The new boycott law states:

Boycotting products is a peaceful way to influence governments in countries where human rights are not respected and where international agreements are disregarded. One example of when boycotting had a big impact on a country was when countries all over the world decided to boycot South Africa because of its apartheid regime. In recent years, an increasing number of individuals, organisations, counties and states have taken up boycotts against Israel where the situation is not unlike the sitution in South Africa during the time of the apartheid regime. (Emphasis added.)

Interesting that the motion should mention wrongdoing countries where “international agreements are disregarded.”

Iceland to Get its First Mosque

Monday, September 30th, 2013

Originally published at Gatestone Institute.

The Reykjavík City Council has approved a building permit for the construction of the first mosque in Iceland.

The mosque will be built in Sogamýri, an upscale district near downtown Reykjavík on a highly desirable plot of land that was granted to Muslims free of charge, courtesy of Icelandic taxpayers.

Members of the city council — which is led by Reykjavík Mayor Jón Gnarr, who identifies himself as an anarchist — say they hope the prime location will make the mosque a prominent landmark in the city.

Critics of the mosque, however, say the project is being financed by donors in the Middle East who are seeking to exert control over — and radicalize — the growing Muslim community in Iceland.

Although reliable statistics do not exist, the Muslim population of Iceland is estimated to be approximately 1,200, or 0.4% of the total Icelandic population of 320,000. Most Muslims in Iceland live in the capital Reykjavík, where they make up about 1% of the total population of 120,000.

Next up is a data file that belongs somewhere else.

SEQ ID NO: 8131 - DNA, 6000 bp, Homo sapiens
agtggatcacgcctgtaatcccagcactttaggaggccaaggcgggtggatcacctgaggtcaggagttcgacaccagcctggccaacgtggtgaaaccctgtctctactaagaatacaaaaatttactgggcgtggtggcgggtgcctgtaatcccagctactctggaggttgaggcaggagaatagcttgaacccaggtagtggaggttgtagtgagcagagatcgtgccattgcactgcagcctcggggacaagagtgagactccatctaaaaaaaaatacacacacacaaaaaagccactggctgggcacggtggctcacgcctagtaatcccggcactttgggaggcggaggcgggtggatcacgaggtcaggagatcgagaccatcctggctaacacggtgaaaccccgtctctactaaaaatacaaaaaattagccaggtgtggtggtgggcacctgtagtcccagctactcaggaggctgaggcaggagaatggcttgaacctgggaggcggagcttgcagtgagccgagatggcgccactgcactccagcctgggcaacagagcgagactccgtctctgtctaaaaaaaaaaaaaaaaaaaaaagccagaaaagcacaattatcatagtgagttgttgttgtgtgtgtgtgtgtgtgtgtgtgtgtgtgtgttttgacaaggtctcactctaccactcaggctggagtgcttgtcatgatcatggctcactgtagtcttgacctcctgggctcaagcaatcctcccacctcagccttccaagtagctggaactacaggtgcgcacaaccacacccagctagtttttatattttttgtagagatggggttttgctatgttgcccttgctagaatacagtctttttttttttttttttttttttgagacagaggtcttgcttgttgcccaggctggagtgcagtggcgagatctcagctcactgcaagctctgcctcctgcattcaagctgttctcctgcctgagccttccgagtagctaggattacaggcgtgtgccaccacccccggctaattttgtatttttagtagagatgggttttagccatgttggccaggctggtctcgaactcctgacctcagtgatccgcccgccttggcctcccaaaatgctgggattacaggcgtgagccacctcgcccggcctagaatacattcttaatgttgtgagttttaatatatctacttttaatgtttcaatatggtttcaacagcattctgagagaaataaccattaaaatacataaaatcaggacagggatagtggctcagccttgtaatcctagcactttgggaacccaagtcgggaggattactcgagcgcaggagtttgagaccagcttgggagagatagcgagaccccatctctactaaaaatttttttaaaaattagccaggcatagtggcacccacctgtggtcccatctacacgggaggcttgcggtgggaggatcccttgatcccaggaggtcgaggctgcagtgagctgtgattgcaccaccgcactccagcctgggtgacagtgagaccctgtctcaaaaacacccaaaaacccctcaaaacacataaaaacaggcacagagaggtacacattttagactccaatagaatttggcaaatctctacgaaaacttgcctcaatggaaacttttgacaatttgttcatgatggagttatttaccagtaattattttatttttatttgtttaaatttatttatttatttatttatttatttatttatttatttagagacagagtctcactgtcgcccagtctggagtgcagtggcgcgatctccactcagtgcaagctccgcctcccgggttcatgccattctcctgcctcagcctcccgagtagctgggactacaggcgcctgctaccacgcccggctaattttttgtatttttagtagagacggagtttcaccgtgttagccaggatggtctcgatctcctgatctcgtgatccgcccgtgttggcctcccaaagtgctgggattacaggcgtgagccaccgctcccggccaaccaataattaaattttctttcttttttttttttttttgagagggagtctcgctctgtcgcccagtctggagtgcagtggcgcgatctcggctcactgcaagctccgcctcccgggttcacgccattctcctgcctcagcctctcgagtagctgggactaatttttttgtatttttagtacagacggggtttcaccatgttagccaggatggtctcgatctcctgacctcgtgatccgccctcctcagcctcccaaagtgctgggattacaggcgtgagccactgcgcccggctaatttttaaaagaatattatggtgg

The Muslim community in Iceland may be small in comparison to other European countries, but its rate of growth has been exponential: Since 1990, when there were fewer than a dozen Muslims in the country, their number has increased by nearly 10,000%. Much of this growth has been due to immigration, but in recent years native Icelanders have also been converting to Islam in increasing numbers.

Currently there are two main Muslim groups in Iceland: the Muslim Association of Iceland, which has around 500 members, and the Islamic Cultural Center of Iceland, which has some 300 followers. The former group is run by Salmann Tamimi, a Palestinian immigrant who considers himself to be the voice of moderate Islam in Iceland; the latter group is run by Ahmad Seddeq, a firebrand preacher from Pakistan whose activities are allegedly being financed by Saudi Arabia.

Although both groups pertain to Sunni Islam, they have been openly fighting with each other for many years over who should be the rightful representative of Islam in Iceland.

In 2000, Tamimi — whose group meets at a make-shift mosque on the third floor of an office building in downtown Reykjavík — submitted an application to obtain a free plot of land from city authorities to build the first purpose-built mosque in Iceland.